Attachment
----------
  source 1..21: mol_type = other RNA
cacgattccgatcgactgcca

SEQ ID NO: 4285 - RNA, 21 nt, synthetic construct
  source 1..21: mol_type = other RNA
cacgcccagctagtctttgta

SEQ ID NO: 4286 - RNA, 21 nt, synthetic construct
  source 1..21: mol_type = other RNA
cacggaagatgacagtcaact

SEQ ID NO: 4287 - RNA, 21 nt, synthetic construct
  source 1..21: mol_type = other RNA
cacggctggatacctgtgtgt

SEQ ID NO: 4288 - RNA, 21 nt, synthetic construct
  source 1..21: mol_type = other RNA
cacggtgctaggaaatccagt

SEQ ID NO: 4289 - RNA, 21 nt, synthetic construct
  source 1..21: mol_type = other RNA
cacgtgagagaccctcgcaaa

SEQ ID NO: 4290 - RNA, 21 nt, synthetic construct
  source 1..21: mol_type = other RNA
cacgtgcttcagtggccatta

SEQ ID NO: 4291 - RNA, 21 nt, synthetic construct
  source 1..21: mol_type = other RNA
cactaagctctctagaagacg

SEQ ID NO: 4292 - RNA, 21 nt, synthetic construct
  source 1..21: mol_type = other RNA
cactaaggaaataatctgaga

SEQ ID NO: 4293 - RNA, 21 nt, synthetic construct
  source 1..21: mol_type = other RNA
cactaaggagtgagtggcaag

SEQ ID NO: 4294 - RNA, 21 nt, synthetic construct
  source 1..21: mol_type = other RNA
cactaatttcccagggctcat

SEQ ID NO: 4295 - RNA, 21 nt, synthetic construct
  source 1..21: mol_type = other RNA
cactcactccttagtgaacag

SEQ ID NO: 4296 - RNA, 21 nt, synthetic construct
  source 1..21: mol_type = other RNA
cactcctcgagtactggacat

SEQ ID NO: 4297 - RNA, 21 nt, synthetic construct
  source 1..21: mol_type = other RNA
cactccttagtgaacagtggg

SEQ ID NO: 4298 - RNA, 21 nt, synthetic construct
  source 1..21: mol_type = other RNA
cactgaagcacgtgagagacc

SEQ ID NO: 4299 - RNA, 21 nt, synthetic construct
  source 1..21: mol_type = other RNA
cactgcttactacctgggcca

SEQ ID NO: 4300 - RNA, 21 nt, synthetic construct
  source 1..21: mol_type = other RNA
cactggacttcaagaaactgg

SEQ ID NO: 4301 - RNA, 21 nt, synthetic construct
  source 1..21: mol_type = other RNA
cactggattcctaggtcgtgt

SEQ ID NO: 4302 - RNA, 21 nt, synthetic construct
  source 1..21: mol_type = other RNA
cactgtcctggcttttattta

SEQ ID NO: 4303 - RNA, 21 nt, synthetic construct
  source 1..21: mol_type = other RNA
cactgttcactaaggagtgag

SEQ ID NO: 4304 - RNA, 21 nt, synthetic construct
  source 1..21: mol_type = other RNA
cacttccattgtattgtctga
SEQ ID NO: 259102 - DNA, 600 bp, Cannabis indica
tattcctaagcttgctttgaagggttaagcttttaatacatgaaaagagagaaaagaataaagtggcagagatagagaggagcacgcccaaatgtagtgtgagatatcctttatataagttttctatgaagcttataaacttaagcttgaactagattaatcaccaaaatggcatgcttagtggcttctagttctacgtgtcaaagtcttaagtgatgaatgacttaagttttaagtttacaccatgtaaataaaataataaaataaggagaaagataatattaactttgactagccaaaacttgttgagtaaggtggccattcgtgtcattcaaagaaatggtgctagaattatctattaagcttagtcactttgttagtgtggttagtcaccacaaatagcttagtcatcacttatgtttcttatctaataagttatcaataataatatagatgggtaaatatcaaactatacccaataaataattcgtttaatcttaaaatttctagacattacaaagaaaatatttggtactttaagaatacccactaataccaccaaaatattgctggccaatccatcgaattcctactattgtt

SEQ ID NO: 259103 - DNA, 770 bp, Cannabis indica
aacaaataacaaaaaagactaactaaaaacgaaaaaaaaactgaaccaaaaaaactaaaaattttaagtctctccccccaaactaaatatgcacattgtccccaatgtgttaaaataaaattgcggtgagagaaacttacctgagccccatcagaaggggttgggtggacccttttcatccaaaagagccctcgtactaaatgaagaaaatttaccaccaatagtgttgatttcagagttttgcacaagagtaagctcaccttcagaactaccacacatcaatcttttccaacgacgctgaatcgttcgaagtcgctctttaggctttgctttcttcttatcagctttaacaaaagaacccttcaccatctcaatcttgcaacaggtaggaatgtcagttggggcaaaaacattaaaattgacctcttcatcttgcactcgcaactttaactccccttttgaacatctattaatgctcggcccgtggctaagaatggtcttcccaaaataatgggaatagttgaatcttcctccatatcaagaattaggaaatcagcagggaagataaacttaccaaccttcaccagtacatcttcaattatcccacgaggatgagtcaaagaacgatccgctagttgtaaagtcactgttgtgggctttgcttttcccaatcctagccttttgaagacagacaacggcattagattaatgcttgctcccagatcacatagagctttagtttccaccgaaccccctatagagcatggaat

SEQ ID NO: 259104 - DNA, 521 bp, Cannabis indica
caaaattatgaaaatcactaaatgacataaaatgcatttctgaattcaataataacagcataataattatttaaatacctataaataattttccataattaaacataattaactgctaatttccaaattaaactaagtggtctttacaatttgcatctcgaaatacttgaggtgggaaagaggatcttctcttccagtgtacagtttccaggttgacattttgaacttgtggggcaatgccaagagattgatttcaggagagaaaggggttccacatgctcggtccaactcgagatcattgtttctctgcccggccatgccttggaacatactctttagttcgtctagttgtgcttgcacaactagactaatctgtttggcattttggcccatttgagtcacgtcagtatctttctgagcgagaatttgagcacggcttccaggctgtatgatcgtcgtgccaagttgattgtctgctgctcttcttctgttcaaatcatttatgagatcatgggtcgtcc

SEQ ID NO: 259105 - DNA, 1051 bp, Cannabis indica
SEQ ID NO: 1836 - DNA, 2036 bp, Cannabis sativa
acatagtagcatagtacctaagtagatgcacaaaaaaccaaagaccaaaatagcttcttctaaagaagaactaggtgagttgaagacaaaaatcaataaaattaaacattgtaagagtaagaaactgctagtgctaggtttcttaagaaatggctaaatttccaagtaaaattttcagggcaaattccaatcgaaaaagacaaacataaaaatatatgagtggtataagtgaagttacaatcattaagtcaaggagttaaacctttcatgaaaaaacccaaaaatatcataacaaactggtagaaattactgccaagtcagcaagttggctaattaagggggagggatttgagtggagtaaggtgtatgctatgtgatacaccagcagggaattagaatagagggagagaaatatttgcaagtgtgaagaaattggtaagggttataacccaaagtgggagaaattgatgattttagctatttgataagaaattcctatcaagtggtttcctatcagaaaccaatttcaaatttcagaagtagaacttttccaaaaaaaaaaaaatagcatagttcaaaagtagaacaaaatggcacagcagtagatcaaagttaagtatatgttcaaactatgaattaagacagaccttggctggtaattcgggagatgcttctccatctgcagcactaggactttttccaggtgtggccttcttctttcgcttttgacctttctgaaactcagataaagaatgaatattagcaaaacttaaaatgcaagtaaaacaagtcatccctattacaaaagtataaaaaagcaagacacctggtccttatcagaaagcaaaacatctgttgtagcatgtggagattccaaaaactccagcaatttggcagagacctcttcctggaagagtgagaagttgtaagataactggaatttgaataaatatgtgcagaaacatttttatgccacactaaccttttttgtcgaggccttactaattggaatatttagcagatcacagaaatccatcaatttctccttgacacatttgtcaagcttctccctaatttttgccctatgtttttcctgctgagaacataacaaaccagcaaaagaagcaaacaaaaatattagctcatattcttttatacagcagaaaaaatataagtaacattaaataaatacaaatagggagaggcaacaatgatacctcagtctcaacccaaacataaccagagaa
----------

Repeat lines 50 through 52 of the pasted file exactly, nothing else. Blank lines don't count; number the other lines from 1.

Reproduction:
cactggacttcaagaaactgg

SEQ ID NO: 4301 - RNA, 21 nt, synthetic construct
  source 1..21: mol_type = other RNA